Fractures and Fissures are a common sight in the southwestern landscape shaped by time, wind, and water, but they can also be a metaphorical representation of other things happening in our society, environment, and individual lives. They are caused by movement, tension, and gravity, and can leave beautiful wonders or ugly scars.
Slot Canyon 4b
Vicki Conley, Ruidoso Downs, NM
Art Quilt, 33″H x 23″W, $500
The twists and turns of the beautifully carved slot canyon allow the brilliant sunlight to kiss the folds of rock. Every step along the ancient path presents a different view, slicing through eons of time.
Photo credit: Doug Conley
Anne Moats, Bisbee, AZ
Art Quilt, 39″H x 29″W, $800
My partner is a mineral collector, and I have at times accompanied him on mineral-collecting trips. The moment when fractures and voids in the rock are exposed for the first time ever, and the amazing natural crystals are exposed, is an amazing experience. The beauty that may be hidden under the surface of our world is haunting.
Photo credit: Stacie Moats
Fissures Old and New
Betty Hahn, Sun City, AZ
Art Quilt, 47″H x 35″W, $3700
Fissures can be found underground in ancient habitations and above ground in new structures.
Once a Mighty River
Bev Haring, Longmont, CO
Art Quilt, 41″H x 31″W, $1275
Drought has taken it's toll -- all that remains is the cracked, dry river bed -- and a muddy little trickle for as far as the eye can see
Fractures and Fissures
Debra Goley, Goodyear, AZ
Art Quilt, 35″H x 20″W, $750
Recently uncovered earth fissures in Arizona inspired me to discover giant crevasses not made by erosion. I wanted to represent an open surface fracture that may be up to a mile long and fifteen feet wide and many feet deep. The fissures often occur where a lack of groundwater withdraws and stress on underlying layers begins to shift. The Arizona Geological Survey has begun to map out such regions. On further inspection, beyond exposed roots and ground cover, the holes are not static. A light source on the art shadowing onto a wall's surface shows the ever-changing shift.
Diana Fox, Parker, CO
Art Quilt, 47″H x 45″W, $900
What spectacular treasures await when opening this hollow and nondescript looking rock! Earth, air, fire, and water produce these amazing internal landscapes which are absolutely breathtaking. Much like humans, each is unique and is formed by its individual circumstance, with no two ever being alike.
San Francisco Mountain
Frances Murphy, Surprise, AZ
Art Quilt, 20″H x 40″W, $1000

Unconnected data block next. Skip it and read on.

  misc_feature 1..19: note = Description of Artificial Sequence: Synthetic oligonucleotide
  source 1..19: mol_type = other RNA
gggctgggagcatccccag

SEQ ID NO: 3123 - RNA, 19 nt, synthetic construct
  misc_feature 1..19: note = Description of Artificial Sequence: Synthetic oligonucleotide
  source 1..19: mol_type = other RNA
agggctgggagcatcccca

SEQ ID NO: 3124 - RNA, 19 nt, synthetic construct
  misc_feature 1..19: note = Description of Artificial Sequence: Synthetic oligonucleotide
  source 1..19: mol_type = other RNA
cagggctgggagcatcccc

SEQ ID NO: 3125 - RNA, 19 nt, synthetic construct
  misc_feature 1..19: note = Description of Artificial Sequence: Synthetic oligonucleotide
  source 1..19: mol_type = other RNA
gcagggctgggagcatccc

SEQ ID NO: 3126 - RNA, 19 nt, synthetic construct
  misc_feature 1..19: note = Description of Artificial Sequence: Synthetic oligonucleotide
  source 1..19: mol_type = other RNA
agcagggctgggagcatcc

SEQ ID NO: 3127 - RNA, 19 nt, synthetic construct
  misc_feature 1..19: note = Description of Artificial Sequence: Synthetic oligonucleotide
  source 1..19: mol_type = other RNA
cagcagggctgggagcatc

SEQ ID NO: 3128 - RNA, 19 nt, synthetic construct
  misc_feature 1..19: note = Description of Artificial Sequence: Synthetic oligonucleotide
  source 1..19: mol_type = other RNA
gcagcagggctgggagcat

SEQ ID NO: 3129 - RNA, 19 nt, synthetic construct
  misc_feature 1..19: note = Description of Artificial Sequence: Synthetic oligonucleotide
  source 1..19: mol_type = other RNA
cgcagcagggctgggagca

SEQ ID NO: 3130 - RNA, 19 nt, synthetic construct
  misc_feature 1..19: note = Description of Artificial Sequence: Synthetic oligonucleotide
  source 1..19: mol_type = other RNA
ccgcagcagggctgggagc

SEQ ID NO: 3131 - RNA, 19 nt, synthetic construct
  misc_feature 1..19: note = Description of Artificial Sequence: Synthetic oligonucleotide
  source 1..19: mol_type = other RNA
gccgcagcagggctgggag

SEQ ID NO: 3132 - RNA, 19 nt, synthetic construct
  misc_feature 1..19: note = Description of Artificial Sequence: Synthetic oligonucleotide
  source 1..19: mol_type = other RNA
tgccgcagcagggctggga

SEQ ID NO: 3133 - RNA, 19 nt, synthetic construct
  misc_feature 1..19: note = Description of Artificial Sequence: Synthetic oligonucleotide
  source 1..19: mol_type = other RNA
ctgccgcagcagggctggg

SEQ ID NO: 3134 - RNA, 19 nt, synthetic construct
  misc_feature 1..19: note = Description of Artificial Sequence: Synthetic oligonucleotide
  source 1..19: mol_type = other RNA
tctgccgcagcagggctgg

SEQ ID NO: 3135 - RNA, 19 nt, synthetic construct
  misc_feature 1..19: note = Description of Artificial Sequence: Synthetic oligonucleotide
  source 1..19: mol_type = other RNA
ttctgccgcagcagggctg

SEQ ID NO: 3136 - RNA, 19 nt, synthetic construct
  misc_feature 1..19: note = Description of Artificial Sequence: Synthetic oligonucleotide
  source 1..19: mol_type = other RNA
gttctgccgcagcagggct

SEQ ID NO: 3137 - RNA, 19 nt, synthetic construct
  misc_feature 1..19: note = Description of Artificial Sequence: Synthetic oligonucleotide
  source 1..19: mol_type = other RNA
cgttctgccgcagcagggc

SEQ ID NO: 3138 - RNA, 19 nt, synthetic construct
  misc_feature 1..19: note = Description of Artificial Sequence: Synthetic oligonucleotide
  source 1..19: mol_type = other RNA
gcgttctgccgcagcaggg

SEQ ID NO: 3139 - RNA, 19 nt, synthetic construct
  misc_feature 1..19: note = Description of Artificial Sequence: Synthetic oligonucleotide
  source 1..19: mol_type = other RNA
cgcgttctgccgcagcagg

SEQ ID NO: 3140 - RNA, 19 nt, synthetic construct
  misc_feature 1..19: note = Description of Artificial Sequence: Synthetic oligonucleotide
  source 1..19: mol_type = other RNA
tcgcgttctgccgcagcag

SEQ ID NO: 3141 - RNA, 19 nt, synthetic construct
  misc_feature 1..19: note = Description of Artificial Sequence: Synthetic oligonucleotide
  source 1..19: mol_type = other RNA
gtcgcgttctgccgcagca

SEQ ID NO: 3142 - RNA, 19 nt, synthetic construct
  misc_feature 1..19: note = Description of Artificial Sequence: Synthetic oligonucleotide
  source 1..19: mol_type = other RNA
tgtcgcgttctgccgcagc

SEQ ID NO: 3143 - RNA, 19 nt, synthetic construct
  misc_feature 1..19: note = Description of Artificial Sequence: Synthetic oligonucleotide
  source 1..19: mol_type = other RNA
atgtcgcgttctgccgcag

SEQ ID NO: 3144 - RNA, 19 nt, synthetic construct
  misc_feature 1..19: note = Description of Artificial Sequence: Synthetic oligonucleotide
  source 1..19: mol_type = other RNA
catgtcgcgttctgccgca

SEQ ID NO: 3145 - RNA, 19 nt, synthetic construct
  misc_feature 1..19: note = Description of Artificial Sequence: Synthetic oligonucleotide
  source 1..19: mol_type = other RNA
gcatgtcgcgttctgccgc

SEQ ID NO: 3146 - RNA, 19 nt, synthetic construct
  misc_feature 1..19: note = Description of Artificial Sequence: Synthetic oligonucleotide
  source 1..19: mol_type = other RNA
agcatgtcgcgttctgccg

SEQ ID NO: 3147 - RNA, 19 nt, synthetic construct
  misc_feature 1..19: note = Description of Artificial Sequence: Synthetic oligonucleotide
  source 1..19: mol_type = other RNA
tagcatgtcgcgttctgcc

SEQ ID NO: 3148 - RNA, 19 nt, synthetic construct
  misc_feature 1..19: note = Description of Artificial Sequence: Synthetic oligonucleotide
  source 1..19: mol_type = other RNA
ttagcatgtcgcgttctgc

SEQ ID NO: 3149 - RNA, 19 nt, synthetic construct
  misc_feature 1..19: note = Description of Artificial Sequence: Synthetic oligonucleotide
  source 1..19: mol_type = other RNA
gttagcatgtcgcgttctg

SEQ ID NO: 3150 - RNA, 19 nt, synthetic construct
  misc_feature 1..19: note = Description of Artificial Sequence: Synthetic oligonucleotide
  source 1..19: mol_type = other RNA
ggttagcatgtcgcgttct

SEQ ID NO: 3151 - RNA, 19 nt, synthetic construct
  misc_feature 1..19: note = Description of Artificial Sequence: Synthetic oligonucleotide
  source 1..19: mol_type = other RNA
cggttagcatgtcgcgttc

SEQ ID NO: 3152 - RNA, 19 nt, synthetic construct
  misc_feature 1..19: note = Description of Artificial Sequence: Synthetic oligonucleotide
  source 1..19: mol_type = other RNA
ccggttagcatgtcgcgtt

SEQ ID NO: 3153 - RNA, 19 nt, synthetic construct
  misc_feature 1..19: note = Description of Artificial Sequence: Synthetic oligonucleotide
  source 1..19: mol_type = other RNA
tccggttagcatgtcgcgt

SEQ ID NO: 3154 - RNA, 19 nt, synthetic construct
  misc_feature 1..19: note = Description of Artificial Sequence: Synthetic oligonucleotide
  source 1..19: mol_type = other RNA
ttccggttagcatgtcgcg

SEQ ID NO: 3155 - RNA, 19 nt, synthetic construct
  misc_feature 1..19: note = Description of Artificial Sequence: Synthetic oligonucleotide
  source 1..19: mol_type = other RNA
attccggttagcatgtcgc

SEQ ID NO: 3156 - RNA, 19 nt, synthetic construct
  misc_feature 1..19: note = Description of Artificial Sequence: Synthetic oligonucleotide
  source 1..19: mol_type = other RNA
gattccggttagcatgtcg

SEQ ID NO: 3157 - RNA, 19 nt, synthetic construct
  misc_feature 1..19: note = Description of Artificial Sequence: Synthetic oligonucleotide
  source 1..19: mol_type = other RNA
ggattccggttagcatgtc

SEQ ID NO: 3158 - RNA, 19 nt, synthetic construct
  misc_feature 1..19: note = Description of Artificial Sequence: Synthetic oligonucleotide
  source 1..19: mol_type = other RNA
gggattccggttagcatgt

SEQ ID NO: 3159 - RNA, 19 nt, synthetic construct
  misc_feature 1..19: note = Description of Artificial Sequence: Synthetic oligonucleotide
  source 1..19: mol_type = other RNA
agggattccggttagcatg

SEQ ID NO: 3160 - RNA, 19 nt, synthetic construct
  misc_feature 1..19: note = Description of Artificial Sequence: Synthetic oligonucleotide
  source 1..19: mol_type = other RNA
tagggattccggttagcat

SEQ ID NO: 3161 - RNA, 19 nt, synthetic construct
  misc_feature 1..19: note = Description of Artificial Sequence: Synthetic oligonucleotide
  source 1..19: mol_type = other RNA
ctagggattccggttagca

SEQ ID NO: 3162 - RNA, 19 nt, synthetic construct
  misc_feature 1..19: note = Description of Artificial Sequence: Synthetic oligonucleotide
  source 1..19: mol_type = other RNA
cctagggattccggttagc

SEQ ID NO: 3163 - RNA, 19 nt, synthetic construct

The San Francisco Peaks near Flagstaff, Arizona are the eroded remains of a single,
much higher stratovolcano called San Francisco Mountain which stood over 16,000 feet
high and is over 1,000,000 years old.92,000 years ago, the top and northeast flank
of San Francisco Mountain collapsed in a giant avalanche leaving the present-day San
Francisco Peaks as the edges of the collapsed mountain top. San Francisco Mountain
lost 4,000 feet of elevation in the collapse.
Volcanic activity in the American Southwest has shaped our landscape as well as our environment. What a sight that huge volcanic peak must have been!
Lynn Rogers, Rio Rancho, NM
Art Quilt, 31″H x 24″W, $750
All around the Southwest, rock layers tell stories of ancient times to the present. By reading the rocks, we can learn about seas that have come and gone, life forms that are no longer viable, changes in climate and civilizations that have come before us. While some view these inanimate places as something to be utilized and even exploited, others find solace in the sacred places they represent.
Bryce Canyon Overlook
Lynn Welsch, Mimbres, NM
Art Quilt, 25″H x 33″W, $800
Bryce Canyon's unique rock features were created over eons of time by wind and water, making for some very unusual and fascinating landscapes! Based on one of my photos, this is a whole cloth piece made with Jacquard Resist and Dyna-Flo paints and it was then heavily quilted to represent the fractures and fissures found in the rock formations.
The Space Between
Nicole Dunn, Albuquerque, NM
Art Quilt, 47″H x 40″W, $800
The space between is everything, the missing parts of a DNA sequence, the missing data, a missing stone in the pathway, a fractured window; all this and more came to my mind as I worked on this quilt. How, even when a part is missing or fractured, one can find beauty. http://www.dunnquilting.com
Sandra Hoefner, Grand Junction
Art Quilt, 26″H x 33″W, $500
I love winter but I always look forward to spring. This year the exuberance of the brightening sun and new growing season seemed to be behind a barrier.
Hwy 70: Portales to Roswell
Shannon Conley, Moore, OK
Art Quilt, 42″H x 50″W, $900
The plains often get a bad rap for being boring from those of us who consider ourselves mountain folk. But beneath the surface are literal and metaphorical fractures and fissures. A walk through the plains turns up unexpected ravines, delightful pockets of animal and plant life, as well as human-inspired contentiousness. Probing a little deeper reveals the often conflicting interests of those who want to extracting fossil fuels, those who want to invest in alternative energy sources like windmills and solar panels, those providing food on farms and ranches, and those interested in preserving the rich native plains ecosystem.
Photo credit: Mike Cox
Michelle Jackson, Sandia Park, NM
Art Quilt, 45″H x 33.5″W, $1900
I have always loved texture and here is a sample of stylized texture that one might see in a fissure in the earth.